Becerra praised Mangla and his boss, Dr. Lewis, and their team of public health officials for aggressively reaching out to those at risk for monkeypox, including gay and bisexual men, to encourage them to get vaccinated and promptly treating those who tested positive for the monkeypox virus.

“So, let me first say to Director Lewis, Dr. Mangla, and to all your team, thank you for being affirmative in bringing in the steps to stop monkeypox,” Becerra said. “And more importantly, to go where the people are rather than waiting for the people to come to you.”

He said D.C. efforts in addressing monkeypox were among the efforts in other cities and states across the country where a joint federal-local partnership was taking place. 

“We need strong partnerships,” he said. “We need your help, because you know the many trusted voices in the communities that you’ve got more of than we would,” he said. “We’ll provide the vaccine,” said Becerra, noting that the Biden administration in partnership with various federal agencies, including the Food and Drug Administration, has distributed more than a million vaccine doses nationally.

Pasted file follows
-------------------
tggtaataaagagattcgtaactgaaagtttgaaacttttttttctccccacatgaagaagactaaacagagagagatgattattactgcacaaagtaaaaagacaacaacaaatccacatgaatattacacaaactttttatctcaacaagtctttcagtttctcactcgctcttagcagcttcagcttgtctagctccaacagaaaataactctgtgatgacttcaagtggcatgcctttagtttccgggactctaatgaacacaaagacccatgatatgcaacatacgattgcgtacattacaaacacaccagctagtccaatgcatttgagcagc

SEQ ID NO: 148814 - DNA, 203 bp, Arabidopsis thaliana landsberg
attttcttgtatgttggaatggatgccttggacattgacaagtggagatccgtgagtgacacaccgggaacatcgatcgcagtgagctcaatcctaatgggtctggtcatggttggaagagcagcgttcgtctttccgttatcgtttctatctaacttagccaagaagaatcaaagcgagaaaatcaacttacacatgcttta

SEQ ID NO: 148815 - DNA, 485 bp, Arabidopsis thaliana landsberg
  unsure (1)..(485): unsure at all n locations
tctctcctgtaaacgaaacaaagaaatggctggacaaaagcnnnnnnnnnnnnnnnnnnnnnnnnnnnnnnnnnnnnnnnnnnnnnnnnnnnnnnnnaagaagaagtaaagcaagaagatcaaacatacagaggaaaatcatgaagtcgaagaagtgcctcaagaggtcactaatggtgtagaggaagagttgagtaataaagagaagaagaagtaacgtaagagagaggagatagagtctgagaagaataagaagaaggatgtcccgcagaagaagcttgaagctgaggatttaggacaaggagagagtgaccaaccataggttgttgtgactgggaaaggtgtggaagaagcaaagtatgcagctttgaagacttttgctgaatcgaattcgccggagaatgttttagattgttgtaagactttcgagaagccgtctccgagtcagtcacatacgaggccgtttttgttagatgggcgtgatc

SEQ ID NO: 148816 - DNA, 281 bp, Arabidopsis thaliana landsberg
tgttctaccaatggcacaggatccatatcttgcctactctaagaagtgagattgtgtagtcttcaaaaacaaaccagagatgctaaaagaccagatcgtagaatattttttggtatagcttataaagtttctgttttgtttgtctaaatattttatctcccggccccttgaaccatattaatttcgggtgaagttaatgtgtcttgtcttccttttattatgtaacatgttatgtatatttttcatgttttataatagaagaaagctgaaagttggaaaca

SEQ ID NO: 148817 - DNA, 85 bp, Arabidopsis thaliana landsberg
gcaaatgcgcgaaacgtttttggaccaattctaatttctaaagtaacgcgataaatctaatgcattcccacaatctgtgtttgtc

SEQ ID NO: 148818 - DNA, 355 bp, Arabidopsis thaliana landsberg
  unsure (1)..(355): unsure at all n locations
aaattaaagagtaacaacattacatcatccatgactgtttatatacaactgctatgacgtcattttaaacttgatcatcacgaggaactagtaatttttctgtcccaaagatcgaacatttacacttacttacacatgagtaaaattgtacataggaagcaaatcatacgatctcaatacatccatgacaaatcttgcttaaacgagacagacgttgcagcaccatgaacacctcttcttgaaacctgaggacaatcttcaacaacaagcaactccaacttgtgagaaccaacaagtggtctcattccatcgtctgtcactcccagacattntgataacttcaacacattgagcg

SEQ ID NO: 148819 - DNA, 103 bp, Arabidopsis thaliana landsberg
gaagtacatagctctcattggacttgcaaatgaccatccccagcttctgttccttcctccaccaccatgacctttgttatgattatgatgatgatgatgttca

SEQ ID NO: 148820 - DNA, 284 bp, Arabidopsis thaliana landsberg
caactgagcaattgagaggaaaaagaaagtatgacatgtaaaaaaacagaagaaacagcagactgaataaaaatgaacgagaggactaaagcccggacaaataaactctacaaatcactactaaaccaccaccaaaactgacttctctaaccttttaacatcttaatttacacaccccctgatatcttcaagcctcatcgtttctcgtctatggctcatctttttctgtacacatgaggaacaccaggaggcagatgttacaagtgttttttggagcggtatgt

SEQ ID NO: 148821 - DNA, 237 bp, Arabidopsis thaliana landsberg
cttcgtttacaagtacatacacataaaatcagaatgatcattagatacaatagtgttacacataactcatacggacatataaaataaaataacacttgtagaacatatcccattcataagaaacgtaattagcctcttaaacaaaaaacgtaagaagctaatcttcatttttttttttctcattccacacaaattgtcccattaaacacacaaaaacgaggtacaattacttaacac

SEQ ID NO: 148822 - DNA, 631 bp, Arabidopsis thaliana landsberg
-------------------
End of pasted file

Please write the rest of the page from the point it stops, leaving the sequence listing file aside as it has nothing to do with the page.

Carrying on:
Among the White House officials who spoke at the briefing and joined the tour of the Ward 8 Monkeypox Vaccination Clinic was Robert Fenton, who President Biden on Aug. 2 named as White House National Monkeypox Response Coordinator. Also speaking was Dr. Demetre Daskalakis, who Biden named as White House National Monkeypox Response Deputy Coordinator.

A statement released by the White House at the time Biden appointed the two men says Fenton has served as Regional Administrator of the Federal Emergency Management Agency’s Region 9 in the western part of the U.S. and was considered one of the nation’s most experienced emergency management leaders.

The statement says Daskalakis, a leading public health expert, is currently the Director of the Center for Disease Control and Prevention’s Division of HIV Prevention.

“Widely known as a national expert on health issues affecting the LGBTQIA+ communities, his clinical practice has focused on providing care for the underserved LGBTQIA+ communities,” the White House statement says.

In his remarks at the briefing on Thursday, Daskalakis also praised D.C. Health officials and the communities they have reached out to for encouraging behavioral changes among the groups most at risk for monkeypox.